This site requires JavaScript to be enabled to work properly. Please modify your settings or use a different browser to continue


You are now leaving GSK’s website

By clicking this link, you will be taken to a website that is not owned or controlled by GSK, and GSK is not responsible for the content provided on that site


Go back

Mother and Baby

What is pneumococcal disease?

Pneumococcal disease is an infection caused by the bacteria Streptococcus pneumoniae. 12 These bacteria can cause many types of illnesses, ranging from serious diseases such as: pneumonia (infection of the lungs), meningitis (infection of the membrane that surrounds the brain and spinal cord), and bacteremia/septicemia (infection of the blood stream) to milder but commoner infections such as otitis media (infection of the middle ear) and sinusitis (infection of the sinuses). 12


How is it spread?

Pneumococcal bacteria can be spread through close contact with an infected person such as through droplets from an infected person’s cough or sneeze. 34 The bacteria can be carried in the nose and throat of an infected person who shows no symptoms but can spread the disease to others. 35


Who is at risk?

Pneumococcal disease occurs around the world. 1 Certain people are more likely to become ill with pneumococcal disease. 12 This high-risk group includes children younger than 2 years of age and adults 65 years of age or older. 12 The bacteria is the leading cause of bacterial meningitis among children younger than 5 years of age. 4 
People who have conditions that weaken the immune system, like diabetes, heart disease, lung disease, and HIV/AIDS, or people who smoke cigarettes or have asthma are also at increased risk for getting pneumococcal disease. 


What are the symptoms?

Symptoms of pneumococcal disease depend on the part of the body that is infected. 1 Symptoms may include:

  • Pneumococcal pneumonia (infection of the lungs): fever and chills, cough, rapid breathing, or difficulty breathing, chest pain. 6
  • Pneumococcal meningitis (infection of the membrane that surrounds the brain and spinal cord): stiff neck, fever, headache, sensitivity to light, confusion. In babies, meningitis may cause poor eating and drinking, low alertness, and vomiting. 6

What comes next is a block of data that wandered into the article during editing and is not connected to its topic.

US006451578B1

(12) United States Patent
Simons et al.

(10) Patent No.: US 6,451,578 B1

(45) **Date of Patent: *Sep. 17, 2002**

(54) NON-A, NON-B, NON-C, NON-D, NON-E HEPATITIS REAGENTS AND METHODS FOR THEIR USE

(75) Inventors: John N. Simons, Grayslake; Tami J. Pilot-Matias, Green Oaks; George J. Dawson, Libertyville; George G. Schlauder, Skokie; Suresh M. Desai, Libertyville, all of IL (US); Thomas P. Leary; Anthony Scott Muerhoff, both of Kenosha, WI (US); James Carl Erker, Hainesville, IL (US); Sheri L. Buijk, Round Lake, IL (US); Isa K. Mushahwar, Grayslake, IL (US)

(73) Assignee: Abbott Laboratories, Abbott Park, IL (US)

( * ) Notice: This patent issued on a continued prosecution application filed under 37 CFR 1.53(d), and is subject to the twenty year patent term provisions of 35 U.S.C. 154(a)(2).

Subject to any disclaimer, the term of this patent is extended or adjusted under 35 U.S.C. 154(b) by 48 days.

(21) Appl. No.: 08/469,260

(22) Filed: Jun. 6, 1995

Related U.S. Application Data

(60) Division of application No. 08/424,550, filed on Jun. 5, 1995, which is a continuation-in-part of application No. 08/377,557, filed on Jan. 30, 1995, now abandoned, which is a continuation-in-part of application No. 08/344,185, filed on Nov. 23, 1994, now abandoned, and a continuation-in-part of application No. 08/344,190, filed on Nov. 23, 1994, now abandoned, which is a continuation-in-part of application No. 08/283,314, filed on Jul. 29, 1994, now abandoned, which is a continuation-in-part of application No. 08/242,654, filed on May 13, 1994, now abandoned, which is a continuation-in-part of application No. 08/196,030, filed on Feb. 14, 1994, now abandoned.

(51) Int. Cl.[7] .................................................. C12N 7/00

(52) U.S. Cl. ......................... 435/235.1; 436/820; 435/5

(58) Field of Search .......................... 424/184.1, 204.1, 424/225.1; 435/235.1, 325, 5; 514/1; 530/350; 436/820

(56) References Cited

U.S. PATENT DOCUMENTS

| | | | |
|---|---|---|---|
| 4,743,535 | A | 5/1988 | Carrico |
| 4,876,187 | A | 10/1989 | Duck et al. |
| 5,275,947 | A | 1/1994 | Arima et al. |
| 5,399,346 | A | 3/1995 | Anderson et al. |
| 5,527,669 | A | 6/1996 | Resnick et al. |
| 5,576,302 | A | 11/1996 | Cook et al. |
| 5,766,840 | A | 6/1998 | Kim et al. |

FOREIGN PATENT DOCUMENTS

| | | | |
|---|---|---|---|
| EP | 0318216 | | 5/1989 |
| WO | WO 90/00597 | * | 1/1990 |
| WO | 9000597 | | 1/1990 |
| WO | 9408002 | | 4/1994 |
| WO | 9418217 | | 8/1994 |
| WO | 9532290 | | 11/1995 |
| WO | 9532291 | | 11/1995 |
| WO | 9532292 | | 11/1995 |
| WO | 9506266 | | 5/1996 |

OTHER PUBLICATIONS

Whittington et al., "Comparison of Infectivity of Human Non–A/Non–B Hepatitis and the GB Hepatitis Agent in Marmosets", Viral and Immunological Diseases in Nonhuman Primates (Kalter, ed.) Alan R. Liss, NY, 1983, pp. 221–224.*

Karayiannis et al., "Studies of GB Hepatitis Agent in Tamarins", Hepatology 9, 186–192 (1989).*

• Pneumococcal bacteremia/septicemia (infection of the blood stream): confusion/disorientation/low alertness, shortness of breath, high heart rate, fever/shivering/feeling very cold, extreme pain or discomfort, clammy or sweaty skin. 6 Septicemia is a complication caused by the body’s overwhelming and life-threatening response to an infection, which can lead to tissue damage, organ failure, and death. 6
  • Otitis media (infection of the middle ear): ear pain, red and swollen ear drum, fever, and sleepiness. 6

How can you help protect your child?

  • Practicing good hygiene and cleanliness by;
    • Washing hands often with soap
    • Not touching your eyes, nose, or mouth with unwashed hands
    • Covering your mouth and nose with a tissue or your sleeve when coughing or sneezing
    • Avoiding close contact, such as kissing, hugging, or sharing eating utensils or cups with people who are sick can also help prevent pneumococcal disease. 1
  • Vaccination can help protect against infectious disease

When should your child receive Vaccination for Pneumococcal disease?

  • For details about the vaccination please talk to your Doctor


Talk to your Doctor for more details 



  1. Centers for Disease Control and Prevention (CDC), 2014. Traveler's Health - Pneumococcal Disease. [last accessed April 2019].
  2. World Health Organization (WHO). Wkly Epidemiol Rec 2019; 94(8): 85–104.
  3. Centers for Disease Control and Prevention (CDC), 2017. Pneumococcal Disease - Risk Factors and Transmission. [last accessed April 2019].
  4. Centers for Disease Control and Prevention (CDC), 2015. Epidemiology and Prevention of Vaccine-Preventable Diseases. The Pink Book: 13th Edition - Chapter 17: Pneumococcal disease. Washington D.C. Public Health Foundation. [last accessed April 2019].
  5. Centers for Disease Control and Prevention (CDC), 2018. Pneumococcal Disease in Adults and the Vaccines to Prevent It Factsheet. [last accessed April 2019]. 
  6. Centers for Disease Control and Prevention (CDC), 2017. Pneumococcal Disease - Symptoms and Complications. [last accessed April 2019].


HCP with a Baby

Vaccination Schedule


Learn more about the approved Vaccination schedule in Sri Lanka

More details

Vaccine Guideline by Sri Lanka Medical Association 

Learn more information about vaccine guideline published by the Sri Lanka Medical association

More details